• Mine is $125~ ish (A deal with 1TB download, Unlimited Local and National, Speed boost included).

      My parents would love to have foxtel back, but not until they stop with the 10000x repeats of shows and outdated content.

  2. Foxtel’s plans are for ADSL 2+ and NBN only. They don’t provide internet services over the HFC network.

  3. Only existing Foxtel customers that add a broadband and phone service to their current package to create a bundle will get unlimited calls to mobiles. New customers signing up do not have mobile calls included in the plan, so you may get a bit of shock with the bill. If you want your bills by paper it will cost an extra $1 per month, and if you don’t set up a direct debit for payment (e.g. pay at Aus Post instead), you will be charged an extra $3 per month.
    Also if someone in your household has a life threatening illness, Foxtel do not offer priority assistance, only Telstra does.
    EDIT The existing Foxtel customer deal I outlined above only seems to be available for a few days longer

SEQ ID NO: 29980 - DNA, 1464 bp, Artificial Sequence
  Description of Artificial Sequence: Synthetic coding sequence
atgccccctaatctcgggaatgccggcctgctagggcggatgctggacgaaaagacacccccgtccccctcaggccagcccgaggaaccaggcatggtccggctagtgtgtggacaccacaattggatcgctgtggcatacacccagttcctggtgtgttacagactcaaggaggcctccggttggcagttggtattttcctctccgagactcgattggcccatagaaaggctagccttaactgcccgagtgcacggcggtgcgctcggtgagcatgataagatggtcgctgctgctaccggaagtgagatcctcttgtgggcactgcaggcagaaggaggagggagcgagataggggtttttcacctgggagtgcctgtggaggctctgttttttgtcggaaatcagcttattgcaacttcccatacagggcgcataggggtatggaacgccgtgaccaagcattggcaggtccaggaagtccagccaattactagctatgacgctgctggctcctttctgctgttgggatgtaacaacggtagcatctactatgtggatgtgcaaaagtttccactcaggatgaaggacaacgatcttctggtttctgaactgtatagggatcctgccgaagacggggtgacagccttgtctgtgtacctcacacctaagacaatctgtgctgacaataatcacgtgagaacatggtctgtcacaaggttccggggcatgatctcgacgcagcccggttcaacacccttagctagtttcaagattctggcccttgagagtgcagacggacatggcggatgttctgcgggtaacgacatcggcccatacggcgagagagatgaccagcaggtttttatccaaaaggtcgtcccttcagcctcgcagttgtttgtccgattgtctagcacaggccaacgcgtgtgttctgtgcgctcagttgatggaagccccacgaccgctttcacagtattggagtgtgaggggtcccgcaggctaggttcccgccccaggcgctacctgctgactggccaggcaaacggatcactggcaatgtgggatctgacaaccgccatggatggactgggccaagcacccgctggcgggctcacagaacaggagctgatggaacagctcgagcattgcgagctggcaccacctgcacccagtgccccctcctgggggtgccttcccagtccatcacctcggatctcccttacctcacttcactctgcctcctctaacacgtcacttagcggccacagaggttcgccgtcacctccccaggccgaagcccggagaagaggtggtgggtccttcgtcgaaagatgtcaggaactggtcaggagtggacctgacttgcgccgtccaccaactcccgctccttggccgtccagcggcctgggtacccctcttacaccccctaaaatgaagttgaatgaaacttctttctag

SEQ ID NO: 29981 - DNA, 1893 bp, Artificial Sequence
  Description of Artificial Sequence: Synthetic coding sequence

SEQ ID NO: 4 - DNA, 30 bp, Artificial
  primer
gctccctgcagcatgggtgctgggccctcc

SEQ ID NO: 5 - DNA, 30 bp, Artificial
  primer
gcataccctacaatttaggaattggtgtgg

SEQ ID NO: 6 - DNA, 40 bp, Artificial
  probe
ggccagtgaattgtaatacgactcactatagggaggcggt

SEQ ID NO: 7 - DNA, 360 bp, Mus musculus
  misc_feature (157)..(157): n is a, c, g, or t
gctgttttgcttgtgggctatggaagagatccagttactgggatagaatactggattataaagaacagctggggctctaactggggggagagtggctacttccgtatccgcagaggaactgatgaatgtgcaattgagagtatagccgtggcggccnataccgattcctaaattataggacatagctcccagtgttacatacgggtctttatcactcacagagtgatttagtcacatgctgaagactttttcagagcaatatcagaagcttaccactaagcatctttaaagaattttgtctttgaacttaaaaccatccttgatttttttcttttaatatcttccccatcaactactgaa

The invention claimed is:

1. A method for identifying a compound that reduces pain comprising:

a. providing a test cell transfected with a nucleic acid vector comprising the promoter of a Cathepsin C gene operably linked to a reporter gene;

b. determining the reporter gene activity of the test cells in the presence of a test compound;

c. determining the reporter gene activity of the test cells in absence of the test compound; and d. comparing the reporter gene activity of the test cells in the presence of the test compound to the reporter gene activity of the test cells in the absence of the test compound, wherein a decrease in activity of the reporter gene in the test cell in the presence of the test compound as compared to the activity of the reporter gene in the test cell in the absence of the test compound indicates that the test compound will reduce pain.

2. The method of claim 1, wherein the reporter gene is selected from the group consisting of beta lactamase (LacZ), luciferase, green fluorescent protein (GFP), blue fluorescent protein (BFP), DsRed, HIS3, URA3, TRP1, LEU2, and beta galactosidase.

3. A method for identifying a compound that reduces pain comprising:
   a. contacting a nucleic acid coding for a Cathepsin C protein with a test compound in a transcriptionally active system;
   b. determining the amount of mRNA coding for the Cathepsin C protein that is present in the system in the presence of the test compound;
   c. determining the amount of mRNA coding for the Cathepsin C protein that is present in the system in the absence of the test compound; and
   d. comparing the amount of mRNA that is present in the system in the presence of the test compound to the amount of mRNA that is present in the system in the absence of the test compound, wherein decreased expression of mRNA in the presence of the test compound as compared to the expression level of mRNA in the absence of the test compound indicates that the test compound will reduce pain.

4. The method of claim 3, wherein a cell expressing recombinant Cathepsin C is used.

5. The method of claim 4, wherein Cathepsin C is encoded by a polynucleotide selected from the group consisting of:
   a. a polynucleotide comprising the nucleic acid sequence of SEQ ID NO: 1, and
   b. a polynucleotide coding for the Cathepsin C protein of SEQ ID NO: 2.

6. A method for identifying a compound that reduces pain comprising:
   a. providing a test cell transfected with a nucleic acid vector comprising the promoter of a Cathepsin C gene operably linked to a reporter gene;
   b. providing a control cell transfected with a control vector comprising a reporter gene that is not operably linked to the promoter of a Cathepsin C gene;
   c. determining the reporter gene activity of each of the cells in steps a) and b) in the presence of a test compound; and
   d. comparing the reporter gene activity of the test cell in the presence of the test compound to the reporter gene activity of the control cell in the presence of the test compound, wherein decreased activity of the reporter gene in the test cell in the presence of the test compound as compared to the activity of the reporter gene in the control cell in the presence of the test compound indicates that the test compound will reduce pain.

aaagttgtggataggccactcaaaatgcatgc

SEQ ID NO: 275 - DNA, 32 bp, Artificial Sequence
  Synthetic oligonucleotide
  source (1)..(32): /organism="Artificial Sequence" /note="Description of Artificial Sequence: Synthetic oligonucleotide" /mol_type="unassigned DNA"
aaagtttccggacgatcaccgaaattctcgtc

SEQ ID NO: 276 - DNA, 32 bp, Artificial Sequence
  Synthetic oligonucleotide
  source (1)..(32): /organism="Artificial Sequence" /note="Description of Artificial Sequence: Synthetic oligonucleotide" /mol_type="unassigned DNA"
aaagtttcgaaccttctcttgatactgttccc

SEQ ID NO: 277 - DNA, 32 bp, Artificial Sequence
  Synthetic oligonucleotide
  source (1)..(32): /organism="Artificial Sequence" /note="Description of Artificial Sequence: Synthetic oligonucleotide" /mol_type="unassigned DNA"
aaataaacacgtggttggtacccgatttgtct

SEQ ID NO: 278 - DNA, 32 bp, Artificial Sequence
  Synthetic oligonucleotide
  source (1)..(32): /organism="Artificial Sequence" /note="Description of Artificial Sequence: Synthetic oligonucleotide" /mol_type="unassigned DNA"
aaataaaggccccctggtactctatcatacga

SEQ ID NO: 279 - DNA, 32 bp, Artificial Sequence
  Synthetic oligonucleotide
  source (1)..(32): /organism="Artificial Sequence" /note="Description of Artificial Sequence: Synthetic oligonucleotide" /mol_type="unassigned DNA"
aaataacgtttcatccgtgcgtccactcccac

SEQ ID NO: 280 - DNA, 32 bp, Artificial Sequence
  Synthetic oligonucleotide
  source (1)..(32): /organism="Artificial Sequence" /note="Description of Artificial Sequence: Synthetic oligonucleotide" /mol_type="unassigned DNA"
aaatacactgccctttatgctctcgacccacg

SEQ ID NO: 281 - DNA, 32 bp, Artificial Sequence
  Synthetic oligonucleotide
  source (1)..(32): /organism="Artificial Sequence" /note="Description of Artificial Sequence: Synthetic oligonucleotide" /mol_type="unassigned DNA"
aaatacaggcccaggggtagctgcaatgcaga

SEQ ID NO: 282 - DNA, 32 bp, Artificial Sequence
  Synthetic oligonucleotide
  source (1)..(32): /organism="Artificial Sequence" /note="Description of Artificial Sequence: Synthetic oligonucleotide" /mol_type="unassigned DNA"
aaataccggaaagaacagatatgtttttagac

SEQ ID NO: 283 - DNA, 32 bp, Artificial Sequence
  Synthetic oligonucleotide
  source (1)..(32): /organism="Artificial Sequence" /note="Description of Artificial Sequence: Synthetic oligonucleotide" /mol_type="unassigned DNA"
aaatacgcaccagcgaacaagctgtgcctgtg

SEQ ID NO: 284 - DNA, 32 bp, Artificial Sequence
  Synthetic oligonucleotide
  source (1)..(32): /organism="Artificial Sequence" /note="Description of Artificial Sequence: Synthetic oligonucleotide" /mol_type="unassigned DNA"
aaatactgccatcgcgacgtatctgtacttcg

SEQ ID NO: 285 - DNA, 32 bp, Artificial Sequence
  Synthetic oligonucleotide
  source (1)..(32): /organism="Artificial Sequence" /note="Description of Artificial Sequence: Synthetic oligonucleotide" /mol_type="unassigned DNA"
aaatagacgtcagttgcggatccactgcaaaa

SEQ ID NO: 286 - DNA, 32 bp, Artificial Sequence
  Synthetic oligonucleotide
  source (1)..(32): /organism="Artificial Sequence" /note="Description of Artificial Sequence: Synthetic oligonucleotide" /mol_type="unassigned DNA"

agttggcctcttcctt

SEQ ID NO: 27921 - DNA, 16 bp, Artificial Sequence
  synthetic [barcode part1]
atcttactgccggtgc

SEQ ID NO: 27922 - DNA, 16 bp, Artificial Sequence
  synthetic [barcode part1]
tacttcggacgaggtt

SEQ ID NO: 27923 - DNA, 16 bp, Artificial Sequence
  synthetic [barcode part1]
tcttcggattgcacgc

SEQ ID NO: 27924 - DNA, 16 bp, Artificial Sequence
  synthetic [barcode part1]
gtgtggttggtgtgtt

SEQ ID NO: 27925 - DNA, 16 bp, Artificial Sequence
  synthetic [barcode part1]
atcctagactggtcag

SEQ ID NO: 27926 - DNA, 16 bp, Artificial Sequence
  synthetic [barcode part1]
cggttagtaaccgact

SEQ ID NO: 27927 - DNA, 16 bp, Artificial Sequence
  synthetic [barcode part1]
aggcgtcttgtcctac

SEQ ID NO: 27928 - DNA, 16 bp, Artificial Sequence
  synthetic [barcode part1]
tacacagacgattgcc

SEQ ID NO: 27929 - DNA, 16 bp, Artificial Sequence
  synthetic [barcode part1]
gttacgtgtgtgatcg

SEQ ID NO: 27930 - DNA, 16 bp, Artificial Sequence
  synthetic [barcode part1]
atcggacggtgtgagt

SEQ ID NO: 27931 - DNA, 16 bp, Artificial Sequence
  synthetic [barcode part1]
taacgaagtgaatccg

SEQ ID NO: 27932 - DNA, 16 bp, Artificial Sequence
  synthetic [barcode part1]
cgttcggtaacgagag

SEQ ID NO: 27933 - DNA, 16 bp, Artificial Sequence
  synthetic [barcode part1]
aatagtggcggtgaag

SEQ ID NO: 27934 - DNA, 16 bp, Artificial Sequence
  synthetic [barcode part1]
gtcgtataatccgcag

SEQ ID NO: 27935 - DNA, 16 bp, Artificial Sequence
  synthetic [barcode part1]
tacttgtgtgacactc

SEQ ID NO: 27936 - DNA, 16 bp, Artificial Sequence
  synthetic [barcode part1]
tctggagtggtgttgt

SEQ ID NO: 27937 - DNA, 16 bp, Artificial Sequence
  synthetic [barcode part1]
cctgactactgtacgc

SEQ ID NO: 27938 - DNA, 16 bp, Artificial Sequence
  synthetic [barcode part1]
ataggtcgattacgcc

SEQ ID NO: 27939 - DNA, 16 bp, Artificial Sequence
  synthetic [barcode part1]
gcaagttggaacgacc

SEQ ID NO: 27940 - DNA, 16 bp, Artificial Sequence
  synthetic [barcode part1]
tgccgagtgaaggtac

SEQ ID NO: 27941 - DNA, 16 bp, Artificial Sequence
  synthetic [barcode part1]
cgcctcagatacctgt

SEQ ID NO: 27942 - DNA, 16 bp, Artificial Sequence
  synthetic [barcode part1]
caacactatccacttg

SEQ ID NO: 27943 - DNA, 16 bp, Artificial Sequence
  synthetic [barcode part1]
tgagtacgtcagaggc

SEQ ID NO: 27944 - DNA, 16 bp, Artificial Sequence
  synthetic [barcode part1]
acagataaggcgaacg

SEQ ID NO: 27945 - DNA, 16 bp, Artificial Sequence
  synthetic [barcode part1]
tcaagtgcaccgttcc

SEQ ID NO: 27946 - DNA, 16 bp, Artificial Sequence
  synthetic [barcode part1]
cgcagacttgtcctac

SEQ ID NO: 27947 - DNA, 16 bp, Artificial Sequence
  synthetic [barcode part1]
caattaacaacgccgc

4. Kinda the running joke let me know when they start leading the industry 1Tb is a joke to be on offer today. Much like the upto 15Gb plans offered over LTE-A/LTE/4g/3G .

    What happens when we get the 2-way satellites into service there is a lot of Australia still covered via satellites via pay TV services.. What happens when you start having 4/16-4/30 splits to service 4 TV tuners in which both iq1and iq-2 boxes..

    I come from the point of view of 2x Xdsl services with a combine total 1.6 terabytes of data between 2 active services which barely covered computer uses nevermind download content via 2 iq2 boxes 4-5 consoles..

    Now I’m stuck on 2x 15GB xg/LTE-a services due not to having access to a land line which is a scan on data services…

    Australia as a whole regardless of service you have doesn’t have the capacity to streaming or downloadable service options at 1TB we don’t have the capacity in data to support the services we now require let alone support it over the current fixed wireless frameworks of 15 GB..